CD Released December 2014
Reviewed by Clinton White
At just 21 years of age, jazz pianist Tate Sheridan shows an advanced maturity in his playing and his composing. For one so young he has achieved much in his career already, including appearances at a range of concerts and festivals and on recordings and studying with the likes of Matt Baker and Mike Nock. Even Elton John has noticed him and has promoted his talent globally. In 2014 he was given a Canberra Critics Circle music award.
Sheridan wrote and arranged all eight tunes on his self-titled CD. In the liner notes he says drummer Aidan Lowe and bassist James Luke helped him “to bring these tunes to life”. Quite so.
The disc opens with its longest track, at 10:38, “Please, No Questions”. It’s full of energy but with an easy swing underlay, very much in the classic jazz style.
“Run, Don’t Walk” is more impressionistic but no less energetic with a long rather abstract but engaging piano solo opening. When the rhythm section finally does come in it drives the piece solidly to the end. Mike Nock himself would love to play it.
Throughout the album, in a thoughtful program structure, Sheridan & Co take us through many moods and music styles. One minute he challenges us with abstract highs and lows, next taking us back to more familiar ground, swinging free and easy. Then there’ll be something to make the listener think and reflect. In “Lone Gunman” he traps the listener in a false sense of security waiting for just the right moment to reveal the horrible dramatic truth of the tale, but then with a reassuring, “don’t worry; it’ll be alright”.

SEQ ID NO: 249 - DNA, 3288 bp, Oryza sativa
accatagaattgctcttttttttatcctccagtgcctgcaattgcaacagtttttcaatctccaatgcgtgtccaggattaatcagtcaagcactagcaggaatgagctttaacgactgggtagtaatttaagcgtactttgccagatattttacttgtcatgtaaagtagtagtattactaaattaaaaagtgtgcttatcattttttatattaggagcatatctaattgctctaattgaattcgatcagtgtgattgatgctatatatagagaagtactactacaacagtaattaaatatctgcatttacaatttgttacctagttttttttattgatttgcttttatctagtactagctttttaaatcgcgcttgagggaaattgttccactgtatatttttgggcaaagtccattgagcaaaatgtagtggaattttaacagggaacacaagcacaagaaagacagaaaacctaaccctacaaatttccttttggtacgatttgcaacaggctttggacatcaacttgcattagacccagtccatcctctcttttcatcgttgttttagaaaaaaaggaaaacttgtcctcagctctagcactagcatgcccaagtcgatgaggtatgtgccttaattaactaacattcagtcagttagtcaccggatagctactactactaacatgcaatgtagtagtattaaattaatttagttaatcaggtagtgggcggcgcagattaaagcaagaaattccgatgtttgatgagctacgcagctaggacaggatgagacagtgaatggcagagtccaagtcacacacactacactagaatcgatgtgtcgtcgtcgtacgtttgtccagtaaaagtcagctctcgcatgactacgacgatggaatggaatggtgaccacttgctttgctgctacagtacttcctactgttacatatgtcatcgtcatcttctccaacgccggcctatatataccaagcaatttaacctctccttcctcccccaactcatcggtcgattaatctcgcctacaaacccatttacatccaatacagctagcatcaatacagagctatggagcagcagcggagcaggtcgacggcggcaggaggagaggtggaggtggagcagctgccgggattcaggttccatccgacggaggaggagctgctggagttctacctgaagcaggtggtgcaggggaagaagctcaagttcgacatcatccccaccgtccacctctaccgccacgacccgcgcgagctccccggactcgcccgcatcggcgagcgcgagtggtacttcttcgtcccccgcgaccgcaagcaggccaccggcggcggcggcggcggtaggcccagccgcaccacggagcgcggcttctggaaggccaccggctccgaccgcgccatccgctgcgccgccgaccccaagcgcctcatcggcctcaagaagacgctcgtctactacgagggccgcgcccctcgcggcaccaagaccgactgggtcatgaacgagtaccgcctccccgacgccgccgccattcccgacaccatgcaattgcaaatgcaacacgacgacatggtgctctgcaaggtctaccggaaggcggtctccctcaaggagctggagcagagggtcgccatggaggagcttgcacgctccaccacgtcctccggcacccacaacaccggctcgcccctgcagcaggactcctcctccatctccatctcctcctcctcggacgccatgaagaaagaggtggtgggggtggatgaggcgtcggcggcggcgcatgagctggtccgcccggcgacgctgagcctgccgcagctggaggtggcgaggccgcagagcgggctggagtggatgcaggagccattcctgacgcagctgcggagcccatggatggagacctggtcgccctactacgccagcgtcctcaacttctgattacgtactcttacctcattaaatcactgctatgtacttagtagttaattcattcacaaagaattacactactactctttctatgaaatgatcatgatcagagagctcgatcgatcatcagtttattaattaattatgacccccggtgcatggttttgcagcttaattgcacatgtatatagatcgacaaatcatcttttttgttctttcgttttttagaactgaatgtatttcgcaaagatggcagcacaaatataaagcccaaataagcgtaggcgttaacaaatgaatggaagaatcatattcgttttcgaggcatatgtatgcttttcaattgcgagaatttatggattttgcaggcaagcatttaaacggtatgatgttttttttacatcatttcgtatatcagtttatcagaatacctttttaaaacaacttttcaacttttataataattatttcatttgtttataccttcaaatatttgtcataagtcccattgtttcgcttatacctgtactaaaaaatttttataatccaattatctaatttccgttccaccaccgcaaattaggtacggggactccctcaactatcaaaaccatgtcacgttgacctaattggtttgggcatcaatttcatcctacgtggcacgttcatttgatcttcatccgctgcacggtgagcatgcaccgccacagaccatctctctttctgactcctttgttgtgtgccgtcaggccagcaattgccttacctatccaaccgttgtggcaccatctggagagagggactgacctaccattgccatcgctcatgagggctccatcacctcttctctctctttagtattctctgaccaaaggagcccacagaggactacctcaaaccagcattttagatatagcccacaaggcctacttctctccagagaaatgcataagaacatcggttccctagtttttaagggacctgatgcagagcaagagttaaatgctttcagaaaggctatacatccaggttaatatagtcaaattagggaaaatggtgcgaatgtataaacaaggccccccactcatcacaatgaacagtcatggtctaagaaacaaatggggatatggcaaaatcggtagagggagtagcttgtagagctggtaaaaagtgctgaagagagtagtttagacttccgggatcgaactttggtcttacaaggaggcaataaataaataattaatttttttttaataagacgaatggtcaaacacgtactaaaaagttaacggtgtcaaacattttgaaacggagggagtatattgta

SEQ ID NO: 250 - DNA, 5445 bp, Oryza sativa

The penultimate track on the album, “Grace”, is the second-longest, at 10:14. At the CD launch concert at Smith’s Alternative Bookshop in Canberra, he said it has great personal meaning and significance. That significance came through at the concert and does so equally on the CD. It is a quiet, reflective, almost introspective piece with some very nice, kind of comforting, chord structures and melody lines supported by fabulous bass playing from Luke. It makes the listener want to lay back, close their eyes, and just let the music wash over and soak through. It’s an exceptionally beautiful piece.
Unusually the album finishes on another, even quieter and more pensive note with “My Stranger”. It gives a strong focus to the piano with beautifully understated support from Lowe and Luke. A very long, sustained single note fades away to conclude this very entertaining album of highly intelligent music composition and playing.
In his liner notes, Sheridan says he is “truly proud of this album”. And deservedly so, too.